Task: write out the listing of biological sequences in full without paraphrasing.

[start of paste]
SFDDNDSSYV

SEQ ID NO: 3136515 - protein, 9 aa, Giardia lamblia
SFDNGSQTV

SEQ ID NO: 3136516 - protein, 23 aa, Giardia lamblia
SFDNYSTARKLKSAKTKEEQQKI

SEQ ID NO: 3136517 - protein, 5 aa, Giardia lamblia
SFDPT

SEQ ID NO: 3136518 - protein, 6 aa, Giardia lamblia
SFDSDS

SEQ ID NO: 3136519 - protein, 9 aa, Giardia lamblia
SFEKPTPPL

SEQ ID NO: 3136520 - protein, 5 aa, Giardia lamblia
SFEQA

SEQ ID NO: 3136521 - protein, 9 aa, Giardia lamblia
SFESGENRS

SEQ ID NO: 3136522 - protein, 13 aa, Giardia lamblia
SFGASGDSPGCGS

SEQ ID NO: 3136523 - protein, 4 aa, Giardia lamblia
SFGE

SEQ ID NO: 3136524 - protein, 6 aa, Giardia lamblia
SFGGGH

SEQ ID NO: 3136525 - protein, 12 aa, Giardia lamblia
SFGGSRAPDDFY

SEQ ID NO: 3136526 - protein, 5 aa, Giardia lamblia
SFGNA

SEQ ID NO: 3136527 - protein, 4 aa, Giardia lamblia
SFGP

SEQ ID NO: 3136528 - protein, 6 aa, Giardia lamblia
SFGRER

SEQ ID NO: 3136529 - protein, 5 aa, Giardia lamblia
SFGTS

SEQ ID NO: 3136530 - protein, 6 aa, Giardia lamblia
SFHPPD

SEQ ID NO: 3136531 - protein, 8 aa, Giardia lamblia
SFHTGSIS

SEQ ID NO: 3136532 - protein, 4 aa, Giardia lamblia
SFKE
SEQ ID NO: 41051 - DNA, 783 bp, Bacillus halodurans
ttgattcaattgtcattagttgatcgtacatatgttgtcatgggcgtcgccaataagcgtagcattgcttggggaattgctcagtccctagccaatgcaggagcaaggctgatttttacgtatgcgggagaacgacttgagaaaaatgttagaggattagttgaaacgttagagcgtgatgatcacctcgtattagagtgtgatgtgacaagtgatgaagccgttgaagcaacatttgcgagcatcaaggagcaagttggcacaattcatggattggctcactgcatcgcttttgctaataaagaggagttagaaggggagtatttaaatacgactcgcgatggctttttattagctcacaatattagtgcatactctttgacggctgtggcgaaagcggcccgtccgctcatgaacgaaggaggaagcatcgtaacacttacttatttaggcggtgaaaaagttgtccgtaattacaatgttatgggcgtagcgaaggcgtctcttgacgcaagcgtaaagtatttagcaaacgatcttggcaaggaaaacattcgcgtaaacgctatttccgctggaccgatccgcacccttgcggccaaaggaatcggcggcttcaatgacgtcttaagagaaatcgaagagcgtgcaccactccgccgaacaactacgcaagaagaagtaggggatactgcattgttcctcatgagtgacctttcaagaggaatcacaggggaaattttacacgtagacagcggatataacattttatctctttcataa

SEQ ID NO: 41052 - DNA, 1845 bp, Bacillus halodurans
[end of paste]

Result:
SFDDNDSSYV

SEQ ID NO: 3136515 - protein, 9 aa, Giardia lamblia
SFDNGSQTV

SEQ ID NO: 3136516 - protein, 23 aa, Giardia lamblia
SFDNYSTARKLKSAKTKEEQQKI

SEQ ID NO: 3136517 - protein, 5 aa, Giardia lamblia
SFDPT

SEQ ID NO: 3136518 - protein, 6 aa, Giardia lamblia
SFDSDS

SEQ ID NO: 3136519 - protein, 9 aa, Giardia lamblia
SFEKPTPPL

SEQ ID NO: 3136520 - protein, 5 aa, Giardia lamblia
SFEQA

SEQ ID NO: 3136521 - protein, 9 aa, Giardia lamblia
SFESGENRS

SEQ ID NO: 3136522 - protein, 13 aa, Giardia lamblia
SFGASGDSPGCGS

SEQ ID NO: 3136523 - protein, 4 aa, Giardia lamblia
SFGE

SEQ ID NO: 3136524 - protein, 6 aa, Giardia lamblia
SFGGGH

SEQ ID NO: 3136525 - protein, 12 aa, Giardia lamblia
SFGGSRAPDDFY

SEQ ID NO: 3136526 - protein, 5 aa, Giardia lamblia
SFGNA

SEQ ID NO: 3136527 - protein, 4 aa, Giardia lamblia
SFGP

SEQ ID NO: 3136528 - protein, 6 aa, Giardia lamblia
SFGRER

SEQ ID NO: 3136529 - protein, 5 aa, Giardia lamblia
SFGTS

SEQ ID NO: 3136530 - protein, 6 aa, Giardia lamblia
SFHPPD

SEQ ID NO: 3136531 - protein, 8 aa, Giardia lamblia
SFHTGSIS

SEQ ID NO: 3136532 - protein, 4 aa, Giardia lamblia
SFKE
SEQ ID NO: 41051 - DNA, 783 bp, Bacillus halodurans
ttgattcaattgtcattagttgatcgtacatatgttgtcatgggcgtcgccaataagcgtagcattgcttggggaattgctcagtccctagccaatgcaggagcaaggctgatttttacgtatgcgggagaacgacttgagaaaaatgttagaggattagttgaaacgttagagcgtgatgatcacctcgtattagagtgtgatgtgacaagtgatgaagccgttgaagcaacatttgcgagcatcaaggagcaagttggcacaattcatggattggctcactgcatcgcttttgctaataaagaggagttagaaggggagtatttaaatacgactcgcgatggctttttattagctcacaatattagtgcatactctttgacggctgtggcgaaagcggcccgtccgctcatgaacgaaggaggaagcatcgtaacacttacttatttaggcggtgaaaaagttgtccgtaattacaatgttatgggcgtagcgaaggcgtctcttgacgcaagcgtaaagtatttagcaaacgatcttggcaaggaaaacattcgcgtaaacgctatttccgctggaccgatccgcacccttgcggccaaaggaatcggcggcttcaatgacgtcttaagagaaatcgaagagcgtgcaccactccgccgaacaactacgcaagaagaagtaggggatactgcattgttcctcatgagtgacctttcaagaggaatcacaggggaaattttacacgtagacagcggatataacattttatctctttcataa

SEQ ID NO: 41052 - DNA, 1845 bp, Bacillus halodurans